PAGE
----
The Physical World, the name of Death From Above 1979’s long-awaited follow-up, evokes empiricism–the philosophical belief in all that can be observed with the senses–and with it the hope that the band can champion good ol’ rock and roll–an all-out assault on those aforementioned senses–without the processed excess of modern-day pop. It’s a hopeful prospect. DFA1979’s first couple of releases were unapologetically hardline, a lo-fi one-two combo of bass-driven hooks and punchy drums. Now, after a 10 year hiatus, DFA1979 has reunited. But a lot has changed since 2004…has DFA1979’s identity changed, too?

With band members Sebastien Grainger and Jesse Keeler using their time apart to explore more melodic ventures (Sebastien Grainger exploring solo work, and Keeler lending his gilded bass lines to MSTRKRFT’s dance halls), it’s unsurprising that these influences bleed into DFA1979’s new album. What is surprising, however, is how much more dated The Physical World feels as a result. Earlier releases were defined by their sparsity and repetition –kinetic anthems that were stamped with a “who cares” attitude. Comparatively, The Physical World is a more professional release, with cleaner vocals and greater instrumental variety. Consequently, The Physical World feels closer to the operatic productions of ’90s bands like Queens of the Stone Age and Muse, as opposed to 8-track revivalists that still flourish today. This approach might appeal to some, but it strikes me as a betrayal of their identity –why name a band 1979 if its sound is disconnected from that era?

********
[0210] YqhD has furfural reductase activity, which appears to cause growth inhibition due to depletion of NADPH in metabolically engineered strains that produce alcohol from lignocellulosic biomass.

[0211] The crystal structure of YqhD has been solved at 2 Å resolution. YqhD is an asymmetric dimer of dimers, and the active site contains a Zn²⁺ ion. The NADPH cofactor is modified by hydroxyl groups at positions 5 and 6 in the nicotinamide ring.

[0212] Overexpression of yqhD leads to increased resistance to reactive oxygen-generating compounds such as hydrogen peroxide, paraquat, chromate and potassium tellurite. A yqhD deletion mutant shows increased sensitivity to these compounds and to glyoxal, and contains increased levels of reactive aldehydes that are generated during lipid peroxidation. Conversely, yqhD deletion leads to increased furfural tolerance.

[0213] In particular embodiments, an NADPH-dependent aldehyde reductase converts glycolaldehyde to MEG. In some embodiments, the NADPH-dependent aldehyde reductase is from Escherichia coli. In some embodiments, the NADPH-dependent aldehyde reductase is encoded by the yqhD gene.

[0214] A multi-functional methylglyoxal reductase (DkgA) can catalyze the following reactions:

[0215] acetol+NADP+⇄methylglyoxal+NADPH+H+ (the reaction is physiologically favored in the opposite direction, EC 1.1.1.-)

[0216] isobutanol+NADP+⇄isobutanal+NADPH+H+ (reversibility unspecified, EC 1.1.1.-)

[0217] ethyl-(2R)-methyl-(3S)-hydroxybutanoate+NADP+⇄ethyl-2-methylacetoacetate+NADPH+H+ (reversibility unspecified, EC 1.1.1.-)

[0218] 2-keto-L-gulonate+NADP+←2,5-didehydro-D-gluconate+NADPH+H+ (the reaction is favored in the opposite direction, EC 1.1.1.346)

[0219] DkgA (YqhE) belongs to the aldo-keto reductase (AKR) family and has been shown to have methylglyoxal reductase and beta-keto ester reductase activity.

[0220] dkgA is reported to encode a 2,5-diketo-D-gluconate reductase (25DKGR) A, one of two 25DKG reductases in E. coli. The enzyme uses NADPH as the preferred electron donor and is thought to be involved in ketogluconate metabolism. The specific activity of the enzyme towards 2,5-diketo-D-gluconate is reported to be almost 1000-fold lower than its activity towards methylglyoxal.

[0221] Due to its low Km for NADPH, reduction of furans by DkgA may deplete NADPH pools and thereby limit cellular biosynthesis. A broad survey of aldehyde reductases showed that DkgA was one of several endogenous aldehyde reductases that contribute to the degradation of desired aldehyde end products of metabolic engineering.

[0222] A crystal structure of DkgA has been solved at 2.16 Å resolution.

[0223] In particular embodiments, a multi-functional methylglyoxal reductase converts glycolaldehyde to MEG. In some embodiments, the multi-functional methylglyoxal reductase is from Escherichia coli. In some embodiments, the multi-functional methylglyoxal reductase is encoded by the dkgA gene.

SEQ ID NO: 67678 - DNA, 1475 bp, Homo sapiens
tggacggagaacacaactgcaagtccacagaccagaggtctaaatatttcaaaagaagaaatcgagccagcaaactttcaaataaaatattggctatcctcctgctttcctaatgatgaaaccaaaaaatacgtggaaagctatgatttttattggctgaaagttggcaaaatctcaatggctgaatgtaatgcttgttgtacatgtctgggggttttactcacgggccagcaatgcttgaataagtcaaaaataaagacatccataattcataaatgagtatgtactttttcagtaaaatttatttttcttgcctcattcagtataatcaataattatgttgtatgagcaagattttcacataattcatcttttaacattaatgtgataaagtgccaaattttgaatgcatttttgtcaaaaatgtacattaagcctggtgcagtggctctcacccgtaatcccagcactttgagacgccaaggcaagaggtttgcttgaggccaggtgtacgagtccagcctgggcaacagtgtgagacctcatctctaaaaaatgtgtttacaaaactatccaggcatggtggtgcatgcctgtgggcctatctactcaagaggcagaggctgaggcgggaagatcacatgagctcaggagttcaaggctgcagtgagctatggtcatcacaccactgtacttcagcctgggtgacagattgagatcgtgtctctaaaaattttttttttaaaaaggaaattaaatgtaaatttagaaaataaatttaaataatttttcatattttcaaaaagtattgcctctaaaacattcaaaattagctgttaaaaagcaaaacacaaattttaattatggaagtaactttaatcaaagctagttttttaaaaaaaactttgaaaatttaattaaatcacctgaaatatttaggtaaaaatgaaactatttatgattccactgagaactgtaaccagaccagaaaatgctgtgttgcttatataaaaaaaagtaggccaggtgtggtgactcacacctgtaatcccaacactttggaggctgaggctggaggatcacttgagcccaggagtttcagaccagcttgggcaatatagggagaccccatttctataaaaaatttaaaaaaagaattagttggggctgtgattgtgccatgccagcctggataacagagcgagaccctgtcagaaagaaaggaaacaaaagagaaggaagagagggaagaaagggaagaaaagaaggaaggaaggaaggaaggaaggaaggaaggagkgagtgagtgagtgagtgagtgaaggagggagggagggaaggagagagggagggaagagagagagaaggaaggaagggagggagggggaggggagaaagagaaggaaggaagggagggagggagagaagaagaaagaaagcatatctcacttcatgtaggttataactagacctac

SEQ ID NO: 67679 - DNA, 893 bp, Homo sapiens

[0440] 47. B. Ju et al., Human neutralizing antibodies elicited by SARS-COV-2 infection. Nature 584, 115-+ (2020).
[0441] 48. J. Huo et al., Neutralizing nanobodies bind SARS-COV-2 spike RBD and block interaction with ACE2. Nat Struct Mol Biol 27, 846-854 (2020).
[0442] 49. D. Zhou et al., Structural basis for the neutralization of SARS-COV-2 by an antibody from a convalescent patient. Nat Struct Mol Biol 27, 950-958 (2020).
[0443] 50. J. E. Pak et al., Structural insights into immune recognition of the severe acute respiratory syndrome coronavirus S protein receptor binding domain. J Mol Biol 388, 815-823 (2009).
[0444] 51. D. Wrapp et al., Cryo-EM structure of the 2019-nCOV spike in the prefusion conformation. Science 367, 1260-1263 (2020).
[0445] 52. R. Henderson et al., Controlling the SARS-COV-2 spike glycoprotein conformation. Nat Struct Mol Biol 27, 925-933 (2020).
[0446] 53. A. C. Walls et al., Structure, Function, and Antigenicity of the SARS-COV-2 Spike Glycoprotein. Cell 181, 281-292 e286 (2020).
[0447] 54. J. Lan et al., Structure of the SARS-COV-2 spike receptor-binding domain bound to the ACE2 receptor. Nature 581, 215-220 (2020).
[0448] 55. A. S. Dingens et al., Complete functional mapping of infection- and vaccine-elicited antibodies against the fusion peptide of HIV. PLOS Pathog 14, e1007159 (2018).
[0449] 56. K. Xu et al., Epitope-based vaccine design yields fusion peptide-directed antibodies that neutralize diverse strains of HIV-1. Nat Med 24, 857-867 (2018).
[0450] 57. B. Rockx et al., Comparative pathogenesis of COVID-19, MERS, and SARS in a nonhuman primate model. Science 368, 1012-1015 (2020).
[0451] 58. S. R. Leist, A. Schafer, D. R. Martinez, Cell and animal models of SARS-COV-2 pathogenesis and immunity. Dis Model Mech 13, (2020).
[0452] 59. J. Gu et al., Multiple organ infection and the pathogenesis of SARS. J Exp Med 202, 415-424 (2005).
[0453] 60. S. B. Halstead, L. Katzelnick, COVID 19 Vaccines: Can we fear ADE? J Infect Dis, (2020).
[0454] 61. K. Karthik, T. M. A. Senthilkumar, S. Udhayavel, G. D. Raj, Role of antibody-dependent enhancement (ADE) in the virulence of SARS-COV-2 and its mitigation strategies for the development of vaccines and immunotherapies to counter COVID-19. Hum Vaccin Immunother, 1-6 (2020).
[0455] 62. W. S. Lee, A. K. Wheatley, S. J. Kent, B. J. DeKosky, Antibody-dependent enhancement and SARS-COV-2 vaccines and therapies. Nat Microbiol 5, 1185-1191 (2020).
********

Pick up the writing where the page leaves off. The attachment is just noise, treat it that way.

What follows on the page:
That said, there is a strong EP to be found in this 35-minute LP. Songs like “Right On, Frankenstein,” “Crystal Ball,” and “Nothing Left” fall right in DFA1979’s wheelhouse, with a 4/4 kick drum providing scaffolding for Keeler’s indelible basslines. This is the music of spilt beer, split ends, chipped teeth and nail polish, ripped jeans and speaker mesh. The Physical World isn’t quite a return to form, nor is it a great leap forward, but Grainger and Keeler’s musicianship is tenacious and vital when they’re fit. Keep an eye out. 6/10